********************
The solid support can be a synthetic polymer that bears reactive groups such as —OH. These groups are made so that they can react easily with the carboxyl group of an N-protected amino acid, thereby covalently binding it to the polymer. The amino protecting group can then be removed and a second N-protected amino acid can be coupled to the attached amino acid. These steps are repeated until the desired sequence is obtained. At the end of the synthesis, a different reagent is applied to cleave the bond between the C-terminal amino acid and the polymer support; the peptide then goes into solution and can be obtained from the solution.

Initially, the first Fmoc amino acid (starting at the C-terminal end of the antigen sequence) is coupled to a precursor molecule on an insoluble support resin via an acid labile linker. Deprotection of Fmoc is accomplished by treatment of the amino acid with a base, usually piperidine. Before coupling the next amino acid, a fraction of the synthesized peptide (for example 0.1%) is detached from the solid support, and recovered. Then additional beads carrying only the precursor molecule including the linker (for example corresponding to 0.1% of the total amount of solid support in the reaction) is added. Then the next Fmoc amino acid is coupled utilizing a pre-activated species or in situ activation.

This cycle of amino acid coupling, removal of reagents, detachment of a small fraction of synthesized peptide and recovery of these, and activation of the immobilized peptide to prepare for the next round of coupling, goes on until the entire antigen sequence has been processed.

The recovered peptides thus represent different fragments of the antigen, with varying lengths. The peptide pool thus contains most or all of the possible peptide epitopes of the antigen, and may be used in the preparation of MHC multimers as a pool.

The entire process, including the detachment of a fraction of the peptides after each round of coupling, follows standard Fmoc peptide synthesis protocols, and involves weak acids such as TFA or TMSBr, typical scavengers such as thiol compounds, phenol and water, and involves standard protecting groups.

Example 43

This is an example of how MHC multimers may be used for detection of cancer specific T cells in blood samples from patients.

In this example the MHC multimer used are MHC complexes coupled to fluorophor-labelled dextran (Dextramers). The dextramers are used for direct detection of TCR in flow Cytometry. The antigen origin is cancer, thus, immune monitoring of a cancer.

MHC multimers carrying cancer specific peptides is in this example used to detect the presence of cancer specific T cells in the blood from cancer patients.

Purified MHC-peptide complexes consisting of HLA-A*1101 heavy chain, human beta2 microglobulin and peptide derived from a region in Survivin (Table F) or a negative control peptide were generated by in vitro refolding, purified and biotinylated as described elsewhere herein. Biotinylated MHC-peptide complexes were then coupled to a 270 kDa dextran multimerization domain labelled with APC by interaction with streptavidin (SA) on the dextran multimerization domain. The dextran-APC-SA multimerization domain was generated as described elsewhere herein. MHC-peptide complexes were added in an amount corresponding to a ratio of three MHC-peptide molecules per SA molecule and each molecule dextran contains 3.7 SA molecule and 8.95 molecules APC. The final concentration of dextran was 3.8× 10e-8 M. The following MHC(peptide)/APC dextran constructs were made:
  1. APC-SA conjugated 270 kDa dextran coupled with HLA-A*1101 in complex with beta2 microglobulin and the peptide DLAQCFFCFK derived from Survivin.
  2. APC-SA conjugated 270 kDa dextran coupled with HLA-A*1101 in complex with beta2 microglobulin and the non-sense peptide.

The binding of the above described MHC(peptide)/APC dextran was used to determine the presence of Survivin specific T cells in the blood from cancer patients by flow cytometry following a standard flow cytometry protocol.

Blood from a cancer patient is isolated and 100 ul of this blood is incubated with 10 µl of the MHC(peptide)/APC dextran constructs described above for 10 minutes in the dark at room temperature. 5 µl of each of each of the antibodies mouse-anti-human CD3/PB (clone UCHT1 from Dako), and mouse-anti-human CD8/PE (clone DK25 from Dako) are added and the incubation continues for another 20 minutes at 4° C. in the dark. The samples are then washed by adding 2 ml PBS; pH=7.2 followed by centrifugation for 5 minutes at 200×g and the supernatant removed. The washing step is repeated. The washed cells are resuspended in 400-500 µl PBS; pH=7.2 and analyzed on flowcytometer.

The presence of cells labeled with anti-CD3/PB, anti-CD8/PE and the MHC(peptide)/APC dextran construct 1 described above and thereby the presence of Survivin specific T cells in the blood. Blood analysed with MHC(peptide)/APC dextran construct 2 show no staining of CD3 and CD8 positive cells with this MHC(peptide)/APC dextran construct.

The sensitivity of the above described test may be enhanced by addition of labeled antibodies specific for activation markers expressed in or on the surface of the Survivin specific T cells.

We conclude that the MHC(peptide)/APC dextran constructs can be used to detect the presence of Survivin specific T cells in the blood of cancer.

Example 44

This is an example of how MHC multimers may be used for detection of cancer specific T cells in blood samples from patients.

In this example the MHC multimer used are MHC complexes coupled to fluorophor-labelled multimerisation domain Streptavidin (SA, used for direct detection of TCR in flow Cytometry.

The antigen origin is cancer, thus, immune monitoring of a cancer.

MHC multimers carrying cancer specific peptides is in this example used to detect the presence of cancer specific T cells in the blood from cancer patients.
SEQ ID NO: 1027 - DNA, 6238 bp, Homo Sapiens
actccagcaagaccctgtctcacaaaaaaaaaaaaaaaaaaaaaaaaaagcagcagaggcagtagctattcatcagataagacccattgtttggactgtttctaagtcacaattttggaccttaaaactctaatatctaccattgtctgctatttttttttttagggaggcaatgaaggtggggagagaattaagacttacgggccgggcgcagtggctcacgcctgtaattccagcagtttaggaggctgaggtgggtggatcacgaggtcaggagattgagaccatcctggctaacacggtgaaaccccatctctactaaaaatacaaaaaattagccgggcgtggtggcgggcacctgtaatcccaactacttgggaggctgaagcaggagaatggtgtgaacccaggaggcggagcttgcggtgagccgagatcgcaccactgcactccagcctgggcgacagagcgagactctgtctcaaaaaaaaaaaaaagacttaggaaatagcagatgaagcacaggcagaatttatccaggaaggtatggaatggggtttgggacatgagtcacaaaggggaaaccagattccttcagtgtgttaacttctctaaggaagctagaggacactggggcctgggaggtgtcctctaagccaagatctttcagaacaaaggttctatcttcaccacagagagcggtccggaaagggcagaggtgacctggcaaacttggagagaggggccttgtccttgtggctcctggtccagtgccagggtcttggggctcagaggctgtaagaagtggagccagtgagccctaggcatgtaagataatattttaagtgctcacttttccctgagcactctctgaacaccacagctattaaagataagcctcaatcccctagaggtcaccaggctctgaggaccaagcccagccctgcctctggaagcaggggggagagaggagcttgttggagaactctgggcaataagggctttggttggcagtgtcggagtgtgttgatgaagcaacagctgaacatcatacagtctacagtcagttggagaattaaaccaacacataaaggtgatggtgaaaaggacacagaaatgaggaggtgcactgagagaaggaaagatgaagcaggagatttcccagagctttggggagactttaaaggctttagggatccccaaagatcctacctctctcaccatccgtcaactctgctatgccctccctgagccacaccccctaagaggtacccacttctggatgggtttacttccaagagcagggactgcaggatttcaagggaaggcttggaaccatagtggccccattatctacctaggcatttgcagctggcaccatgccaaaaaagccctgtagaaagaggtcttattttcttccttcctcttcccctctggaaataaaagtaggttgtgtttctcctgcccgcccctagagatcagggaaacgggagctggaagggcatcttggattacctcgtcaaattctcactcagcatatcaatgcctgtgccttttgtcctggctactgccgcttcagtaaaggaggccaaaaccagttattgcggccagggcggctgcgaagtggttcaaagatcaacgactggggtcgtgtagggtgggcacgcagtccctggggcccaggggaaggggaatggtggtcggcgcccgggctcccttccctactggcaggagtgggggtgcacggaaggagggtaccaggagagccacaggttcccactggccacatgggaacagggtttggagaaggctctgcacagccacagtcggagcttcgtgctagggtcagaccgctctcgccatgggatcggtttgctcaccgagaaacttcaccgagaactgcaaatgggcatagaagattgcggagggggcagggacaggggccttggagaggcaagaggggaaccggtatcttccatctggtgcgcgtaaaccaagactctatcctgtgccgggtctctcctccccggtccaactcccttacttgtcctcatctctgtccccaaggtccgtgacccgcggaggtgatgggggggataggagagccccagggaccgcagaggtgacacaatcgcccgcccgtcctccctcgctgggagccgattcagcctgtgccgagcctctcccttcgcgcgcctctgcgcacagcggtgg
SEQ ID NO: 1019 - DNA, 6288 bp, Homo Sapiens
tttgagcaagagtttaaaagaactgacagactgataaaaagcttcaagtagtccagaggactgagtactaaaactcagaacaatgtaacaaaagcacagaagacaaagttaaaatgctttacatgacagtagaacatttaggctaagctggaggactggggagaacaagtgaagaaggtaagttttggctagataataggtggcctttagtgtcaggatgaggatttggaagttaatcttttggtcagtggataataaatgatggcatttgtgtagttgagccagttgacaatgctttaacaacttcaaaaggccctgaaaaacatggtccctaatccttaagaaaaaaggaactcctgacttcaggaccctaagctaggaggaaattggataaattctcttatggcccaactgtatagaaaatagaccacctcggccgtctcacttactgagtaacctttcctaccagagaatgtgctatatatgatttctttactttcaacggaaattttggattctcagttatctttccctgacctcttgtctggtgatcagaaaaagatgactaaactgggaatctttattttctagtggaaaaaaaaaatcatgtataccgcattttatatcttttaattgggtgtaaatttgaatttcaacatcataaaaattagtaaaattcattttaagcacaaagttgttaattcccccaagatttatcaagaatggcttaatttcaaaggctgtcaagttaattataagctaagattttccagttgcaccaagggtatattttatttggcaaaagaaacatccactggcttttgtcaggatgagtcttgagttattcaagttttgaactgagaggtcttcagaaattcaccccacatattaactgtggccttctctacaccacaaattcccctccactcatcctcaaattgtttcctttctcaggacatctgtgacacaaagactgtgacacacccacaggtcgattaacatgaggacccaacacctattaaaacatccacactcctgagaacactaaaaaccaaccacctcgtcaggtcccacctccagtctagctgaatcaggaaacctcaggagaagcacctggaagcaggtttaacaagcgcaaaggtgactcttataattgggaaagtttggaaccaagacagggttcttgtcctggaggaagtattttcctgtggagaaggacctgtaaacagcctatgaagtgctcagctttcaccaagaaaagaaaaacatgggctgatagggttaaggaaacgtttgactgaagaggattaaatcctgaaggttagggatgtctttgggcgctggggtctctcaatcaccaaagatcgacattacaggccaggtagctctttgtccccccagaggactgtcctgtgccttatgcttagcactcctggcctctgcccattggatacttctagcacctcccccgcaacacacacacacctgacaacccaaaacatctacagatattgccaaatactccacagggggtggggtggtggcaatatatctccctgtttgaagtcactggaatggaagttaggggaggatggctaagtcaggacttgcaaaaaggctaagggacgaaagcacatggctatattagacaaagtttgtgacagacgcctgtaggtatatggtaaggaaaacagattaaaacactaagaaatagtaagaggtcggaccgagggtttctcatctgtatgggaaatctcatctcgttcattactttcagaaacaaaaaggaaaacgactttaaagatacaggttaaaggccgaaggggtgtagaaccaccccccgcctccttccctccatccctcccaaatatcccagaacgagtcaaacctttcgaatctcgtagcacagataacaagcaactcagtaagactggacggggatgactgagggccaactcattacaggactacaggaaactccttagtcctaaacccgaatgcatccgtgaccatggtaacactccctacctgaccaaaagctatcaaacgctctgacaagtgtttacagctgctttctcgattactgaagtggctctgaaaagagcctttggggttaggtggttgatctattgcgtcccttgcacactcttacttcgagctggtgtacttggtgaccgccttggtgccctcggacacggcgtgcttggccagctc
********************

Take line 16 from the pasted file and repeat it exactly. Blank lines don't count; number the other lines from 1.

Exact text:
The sensitivity of the above described test may be enhanced by addition of labeled antibodies specific for activation markers expressed in or on the surface of the Survivin specific T cells.